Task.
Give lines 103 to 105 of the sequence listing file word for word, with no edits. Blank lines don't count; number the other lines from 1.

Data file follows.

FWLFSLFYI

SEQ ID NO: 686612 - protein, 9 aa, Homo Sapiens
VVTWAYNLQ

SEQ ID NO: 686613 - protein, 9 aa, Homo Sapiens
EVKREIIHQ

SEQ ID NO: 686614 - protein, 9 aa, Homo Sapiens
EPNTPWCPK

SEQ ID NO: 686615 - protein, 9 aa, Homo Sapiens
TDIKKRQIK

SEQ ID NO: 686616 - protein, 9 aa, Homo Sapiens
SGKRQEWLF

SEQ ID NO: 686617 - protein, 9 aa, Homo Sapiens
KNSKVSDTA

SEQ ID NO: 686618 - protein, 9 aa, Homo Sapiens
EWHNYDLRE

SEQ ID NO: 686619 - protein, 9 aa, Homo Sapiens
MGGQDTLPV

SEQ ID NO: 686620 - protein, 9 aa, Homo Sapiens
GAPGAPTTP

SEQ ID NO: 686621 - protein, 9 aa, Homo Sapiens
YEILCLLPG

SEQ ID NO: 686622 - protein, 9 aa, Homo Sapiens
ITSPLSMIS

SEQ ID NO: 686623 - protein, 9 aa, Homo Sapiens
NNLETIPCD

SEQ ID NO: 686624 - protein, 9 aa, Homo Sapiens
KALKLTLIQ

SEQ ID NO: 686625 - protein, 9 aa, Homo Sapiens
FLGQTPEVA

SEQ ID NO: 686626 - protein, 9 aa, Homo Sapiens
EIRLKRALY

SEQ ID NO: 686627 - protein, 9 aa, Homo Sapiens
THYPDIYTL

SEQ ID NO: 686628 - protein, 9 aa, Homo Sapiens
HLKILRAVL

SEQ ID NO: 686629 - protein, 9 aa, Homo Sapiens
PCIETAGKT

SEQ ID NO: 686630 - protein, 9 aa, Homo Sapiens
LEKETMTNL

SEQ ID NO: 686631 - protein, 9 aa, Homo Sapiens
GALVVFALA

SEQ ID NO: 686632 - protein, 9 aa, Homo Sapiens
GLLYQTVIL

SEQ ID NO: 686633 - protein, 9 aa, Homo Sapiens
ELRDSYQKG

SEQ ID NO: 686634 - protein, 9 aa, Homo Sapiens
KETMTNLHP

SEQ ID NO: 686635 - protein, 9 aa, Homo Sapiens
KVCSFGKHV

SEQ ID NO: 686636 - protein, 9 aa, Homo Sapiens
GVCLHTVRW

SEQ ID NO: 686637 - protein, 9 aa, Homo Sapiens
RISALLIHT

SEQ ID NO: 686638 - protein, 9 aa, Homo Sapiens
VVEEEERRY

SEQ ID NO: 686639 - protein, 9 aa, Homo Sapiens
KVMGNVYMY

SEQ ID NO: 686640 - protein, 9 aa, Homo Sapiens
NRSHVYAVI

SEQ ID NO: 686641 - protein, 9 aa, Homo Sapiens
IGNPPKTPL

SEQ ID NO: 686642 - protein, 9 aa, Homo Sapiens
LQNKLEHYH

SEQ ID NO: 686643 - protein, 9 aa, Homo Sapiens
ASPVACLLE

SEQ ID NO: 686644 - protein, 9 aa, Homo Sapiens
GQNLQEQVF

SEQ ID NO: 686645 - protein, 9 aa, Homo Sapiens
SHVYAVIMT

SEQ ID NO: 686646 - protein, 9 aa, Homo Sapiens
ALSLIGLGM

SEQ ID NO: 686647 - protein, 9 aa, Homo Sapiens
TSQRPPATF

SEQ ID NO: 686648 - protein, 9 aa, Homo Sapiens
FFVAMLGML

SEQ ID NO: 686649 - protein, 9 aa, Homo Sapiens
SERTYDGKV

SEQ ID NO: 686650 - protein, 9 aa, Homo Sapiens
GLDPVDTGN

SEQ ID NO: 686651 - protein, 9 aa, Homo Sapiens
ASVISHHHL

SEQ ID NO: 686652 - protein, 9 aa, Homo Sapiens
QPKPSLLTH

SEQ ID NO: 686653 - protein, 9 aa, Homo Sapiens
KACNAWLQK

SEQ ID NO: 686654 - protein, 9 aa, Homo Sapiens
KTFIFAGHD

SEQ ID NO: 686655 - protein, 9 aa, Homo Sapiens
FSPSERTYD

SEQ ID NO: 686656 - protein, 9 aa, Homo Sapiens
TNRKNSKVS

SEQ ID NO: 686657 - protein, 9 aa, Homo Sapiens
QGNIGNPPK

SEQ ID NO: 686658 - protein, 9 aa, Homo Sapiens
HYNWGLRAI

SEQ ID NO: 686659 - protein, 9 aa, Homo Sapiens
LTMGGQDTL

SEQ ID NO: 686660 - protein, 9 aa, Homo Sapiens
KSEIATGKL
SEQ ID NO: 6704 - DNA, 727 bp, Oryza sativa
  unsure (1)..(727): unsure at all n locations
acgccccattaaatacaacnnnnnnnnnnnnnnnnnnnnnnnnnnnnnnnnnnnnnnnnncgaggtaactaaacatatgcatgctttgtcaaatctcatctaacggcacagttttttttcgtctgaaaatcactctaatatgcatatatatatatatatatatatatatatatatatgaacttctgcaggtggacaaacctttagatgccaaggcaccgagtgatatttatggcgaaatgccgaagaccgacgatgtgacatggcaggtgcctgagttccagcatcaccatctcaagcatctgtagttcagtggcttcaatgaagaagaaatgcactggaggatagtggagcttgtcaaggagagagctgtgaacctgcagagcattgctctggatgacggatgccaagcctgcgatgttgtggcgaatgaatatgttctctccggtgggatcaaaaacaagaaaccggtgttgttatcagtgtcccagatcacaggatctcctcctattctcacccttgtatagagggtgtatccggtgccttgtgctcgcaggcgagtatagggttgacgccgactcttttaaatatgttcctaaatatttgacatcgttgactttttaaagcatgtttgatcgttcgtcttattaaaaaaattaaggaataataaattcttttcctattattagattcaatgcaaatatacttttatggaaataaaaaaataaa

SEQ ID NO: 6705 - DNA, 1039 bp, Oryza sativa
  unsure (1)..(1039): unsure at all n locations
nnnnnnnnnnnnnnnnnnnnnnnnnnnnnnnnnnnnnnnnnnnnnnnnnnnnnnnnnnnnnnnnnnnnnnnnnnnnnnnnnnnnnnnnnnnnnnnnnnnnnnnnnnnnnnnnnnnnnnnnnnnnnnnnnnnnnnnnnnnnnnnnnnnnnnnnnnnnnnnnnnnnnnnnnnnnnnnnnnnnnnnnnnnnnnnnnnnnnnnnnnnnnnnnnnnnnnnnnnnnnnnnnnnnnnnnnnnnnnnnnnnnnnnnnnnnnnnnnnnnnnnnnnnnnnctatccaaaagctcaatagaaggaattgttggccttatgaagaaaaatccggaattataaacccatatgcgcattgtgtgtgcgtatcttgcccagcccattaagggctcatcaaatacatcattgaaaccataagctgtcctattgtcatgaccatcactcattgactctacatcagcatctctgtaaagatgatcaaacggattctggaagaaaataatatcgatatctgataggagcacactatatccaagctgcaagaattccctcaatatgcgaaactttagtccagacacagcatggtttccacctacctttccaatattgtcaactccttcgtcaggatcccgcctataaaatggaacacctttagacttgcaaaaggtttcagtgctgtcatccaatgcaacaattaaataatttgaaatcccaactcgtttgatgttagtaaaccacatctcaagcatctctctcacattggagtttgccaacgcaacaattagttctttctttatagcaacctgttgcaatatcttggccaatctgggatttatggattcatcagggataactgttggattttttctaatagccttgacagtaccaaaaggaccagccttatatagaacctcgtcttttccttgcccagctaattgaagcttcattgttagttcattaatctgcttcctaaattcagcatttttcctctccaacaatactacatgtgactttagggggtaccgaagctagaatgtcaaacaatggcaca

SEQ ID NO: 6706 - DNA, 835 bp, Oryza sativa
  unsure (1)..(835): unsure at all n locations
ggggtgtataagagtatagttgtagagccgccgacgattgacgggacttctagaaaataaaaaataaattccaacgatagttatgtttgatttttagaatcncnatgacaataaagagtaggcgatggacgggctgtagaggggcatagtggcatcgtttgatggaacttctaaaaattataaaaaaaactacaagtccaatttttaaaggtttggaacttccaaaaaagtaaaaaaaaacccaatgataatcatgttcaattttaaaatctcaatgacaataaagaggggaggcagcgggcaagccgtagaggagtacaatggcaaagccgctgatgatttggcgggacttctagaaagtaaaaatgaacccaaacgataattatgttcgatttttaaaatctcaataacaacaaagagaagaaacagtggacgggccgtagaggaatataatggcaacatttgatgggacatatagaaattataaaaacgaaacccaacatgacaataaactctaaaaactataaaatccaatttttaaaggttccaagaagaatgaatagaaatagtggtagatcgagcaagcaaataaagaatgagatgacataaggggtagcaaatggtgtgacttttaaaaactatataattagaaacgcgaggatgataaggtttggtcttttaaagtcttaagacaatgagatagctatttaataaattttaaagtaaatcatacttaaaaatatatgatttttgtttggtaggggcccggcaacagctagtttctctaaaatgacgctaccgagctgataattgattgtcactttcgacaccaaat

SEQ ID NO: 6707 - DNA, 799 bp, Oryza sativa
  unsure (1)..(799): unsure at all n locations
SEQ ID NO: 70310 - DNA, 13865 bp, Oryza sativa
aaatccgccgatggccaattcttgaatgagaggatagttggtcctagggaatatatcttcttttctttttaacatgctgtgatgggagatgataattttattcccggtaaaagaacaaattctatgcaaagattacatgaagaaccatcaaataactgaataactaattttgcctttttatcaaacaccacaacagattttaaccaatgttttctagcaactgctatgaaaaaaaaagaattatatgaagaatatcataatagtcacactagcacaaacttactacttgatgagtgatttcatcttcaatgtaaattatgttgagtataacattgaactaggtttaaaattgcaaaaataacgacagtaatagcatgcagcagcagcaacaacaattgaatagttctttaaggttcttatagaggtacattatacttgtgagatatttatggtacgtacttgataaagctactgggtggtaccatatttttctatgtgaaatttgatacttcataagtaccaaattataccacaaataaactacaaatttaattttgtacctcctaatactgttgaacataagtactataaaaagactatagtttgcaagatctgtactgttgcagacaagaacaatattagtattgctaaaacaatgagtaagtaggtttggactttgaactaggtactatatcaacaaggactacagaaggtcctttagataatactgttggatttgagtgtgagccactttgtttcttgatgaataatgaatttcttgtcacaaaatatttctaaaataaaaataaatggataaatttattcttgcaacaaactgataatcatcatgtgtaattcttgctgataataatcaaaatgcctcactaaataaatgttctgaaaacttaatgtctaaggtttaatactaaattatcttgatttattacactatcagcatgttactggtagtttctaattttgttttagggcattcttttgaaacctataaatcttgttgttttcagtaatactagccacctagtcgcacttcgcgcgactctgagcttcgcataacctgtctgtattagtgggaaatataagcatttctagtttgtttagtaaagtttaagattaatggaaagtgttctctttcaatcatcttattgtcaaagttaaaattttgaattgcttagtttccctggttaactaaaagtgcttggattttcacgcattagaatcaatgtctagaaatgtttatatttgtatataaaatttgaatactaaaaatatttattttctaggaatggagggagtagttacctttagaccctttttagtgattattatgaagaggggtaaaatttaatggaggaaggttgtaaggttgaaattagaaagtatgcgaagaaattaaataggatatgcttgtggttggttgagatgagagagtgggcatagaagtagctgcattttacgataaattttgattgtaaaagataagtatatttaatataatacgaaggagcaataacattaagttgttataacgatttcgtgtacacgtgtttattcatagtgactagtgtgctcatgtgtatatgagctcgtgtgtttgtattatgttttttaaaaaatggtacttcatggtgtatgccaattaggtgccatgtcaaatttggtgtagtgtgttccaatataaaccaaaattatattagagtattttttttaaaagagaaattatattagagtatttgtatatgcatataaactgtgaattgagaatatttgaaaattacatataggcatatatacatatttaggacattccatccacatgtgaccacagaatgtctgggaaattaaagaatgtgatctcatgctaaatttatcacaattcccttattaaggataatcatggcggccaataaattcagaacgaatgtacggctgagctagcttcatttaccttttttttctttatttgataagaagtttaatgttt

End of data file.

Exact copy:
SEQ ID NO: 6705 - DNA, 1039 bp, Oryza sativa
  unsure (1)..(1039): unsure at all n locations
nnnnnnnnnnnnnnnnnnnnnnnnnnnnnnnnnnnnnnnnnnnnnnnnnnnnnnnnnnnnnnnnnnnnnnnnnnnnnnnnnnnnnnnnnnnnnnnnnnnnnnnnnnnnnnnnnnnnnnnnnnnnnnnnnnnnnnnnnnnnnnnnnnnnnnnnnnnnnnnnnnnnnnnnnnnnnnnnnnnnnnnnnnnnnnnnnnnnnnnnnnnnnnnnnnnnnnnnnnnnnnnnnnnnnnnnnnnnnnnnnnnnnnnnnnnnnnnnnnnnnnnnnnnnnnctatccaaaagctcaatagaaggaattgttggccttatgaagaaaaatccggaattataaacccatatgcgcattgtgtgtgcgtatcttgcccagcccattaagggctcatcaaatacatcattgaaaccataagctgtcctattgtcatgaccatcactcattgactctacatcagcatctctgtaaagatgatcaaacggattctggaagaaaataatatcgatatctgataggagcacactatatccaagctgcaagaattccctcaatatgcgaaactttagtccagacacagcatggtttccacctacctttccaatattgtcaactccttcgtcaggatcccgcctataaaatggaacacctttagacttgcaaaaggtttcagtgctgtcatccaatgcaacaattaaataatttgaaatcccaactcgtttgatgttagtaaaccacatctcaagcatctctctcacattggagtttgccaacgcaacaattagttctttctttatagcaacctgttgcaatatcttggccaatctgggatttatggattcatcagggataactgttggattttttctaatagccttgacagtaccaaaaggaccagccttatatagaacctcgtcttttccttgcccagctaattgaagcttcattgttagttcattaatctgcttcctaaattcagcatttttcctctccaacaatactacatgtgactttagggggtaccgaagctagaatgtcaaacaatggcaca